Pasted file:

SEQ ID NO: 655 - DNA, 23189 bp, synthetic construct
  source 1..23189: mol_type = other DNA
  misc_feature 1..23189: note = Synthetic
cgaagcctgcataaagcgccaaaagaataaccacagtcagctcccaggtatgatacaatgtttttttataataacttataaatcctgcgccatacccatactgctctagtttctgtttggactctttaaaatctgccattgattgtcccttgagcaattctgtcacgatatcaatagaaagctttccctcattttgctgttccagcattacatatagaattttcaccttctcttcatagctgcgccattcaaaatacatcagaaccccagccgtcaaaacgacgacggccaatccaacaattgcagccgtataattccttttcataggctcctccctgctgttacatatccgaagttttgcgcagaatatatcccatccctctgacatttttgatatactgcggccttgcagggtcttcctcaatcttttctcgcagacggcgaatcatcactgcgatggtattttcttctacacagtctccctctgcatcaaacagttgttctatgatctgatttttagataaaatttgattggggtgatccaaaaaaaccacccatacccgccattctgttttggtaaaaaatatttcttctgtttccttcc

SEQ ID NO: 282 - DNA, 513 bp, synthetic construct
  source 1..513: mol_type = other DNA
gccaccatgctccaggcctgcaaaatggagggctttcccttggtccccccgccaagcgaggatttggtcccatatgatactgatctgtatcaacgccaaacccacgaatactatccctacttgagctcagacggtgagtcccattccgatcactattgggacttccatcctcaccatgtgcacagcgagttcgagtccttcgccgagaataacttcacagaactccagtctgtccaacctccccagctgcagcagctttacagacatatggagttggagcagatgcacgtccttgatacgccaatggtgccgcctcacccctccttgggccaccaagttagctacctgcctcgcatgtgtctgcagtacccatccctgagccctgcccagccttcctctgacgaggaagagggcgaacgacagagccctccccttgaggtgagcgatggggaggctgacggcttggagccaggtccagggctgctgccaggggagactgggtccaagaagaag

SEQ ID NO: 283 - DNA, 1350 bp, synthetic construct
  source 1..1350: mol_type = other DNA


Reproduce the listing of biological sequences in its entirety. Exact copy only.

SEQ ID NO: 655 - DNA, 23189 bp, synthetic construct
  source 1..23189: mol_type = other DNA
  misc_feature 1..23189: note = Synthetic
cgaagcctgcataaagcgccaaaagaataaccacagtcagctcccaggtatgatacaatgtttttttataataacttataaatcctgcgccatacccatactgctctagtttctgtttggactctttaaaatctgccattgattgtcccttgagcaattctgtcacgatatcaatagaaagctttccctcattttgctgttccagcattacatatagaattttcaccttctcttcatagctgcgccattcaaaatacatcagaaccccagccgtcaaaacgacgacggccaatccaacaattgcagccgtataattccttttcataggctcctccctgctgttacatatccgaagttttgcgcagaatatatcccatccctctgacatttttgatatactgcggccttgcagggtcttcctcaatcttttctcgcagacggcgaatcatcactgcgatggtattttcttctacacagtctccctctgcatcaaacagttgttctatgatctgatttttagataaaatttgattggggtgatccaaaaaaaccacccatacccgccattctgttttggtaaaaaatatttcttctgtttccttcc

SEQ ID NO: 282 - DNA, 513 bp, synthetic construct
  source 1..513: mol_type = other DNA
gccaccatgctccaggcctgcaaaatggagggctttcccttggtccccccgccaagcgaggatttggtcccatatgatactgatctgtatcaacgccaaacccacgaatactatccctacttgagctcagacggtgagtcccattccgatcactattgggacttccatcctcaccatgtgcacagcgagttcgagtccttcgccgagaataacttcacagaactccagtctgtccaacctccccagctgcagcagctttacagacatatggagttggagcagatgcacgtccttgatacgccaatggtgccgcctcacccctccttgggccaccaagttagctacctgcctcgcatgtgtctgcagtacccatccctgagccctgcccagccttcctctgacgaggaagagggcgaacgacagagccctccccttgaggtgagcgatggggaggctgacggcttggagccaggtccagggctgctgccaggggagactgggtccaagaagaag

SEQ ID NO: 283 - DNA, 1350 bp, synthetic construct
  source 1..1350: mol_type = other DNA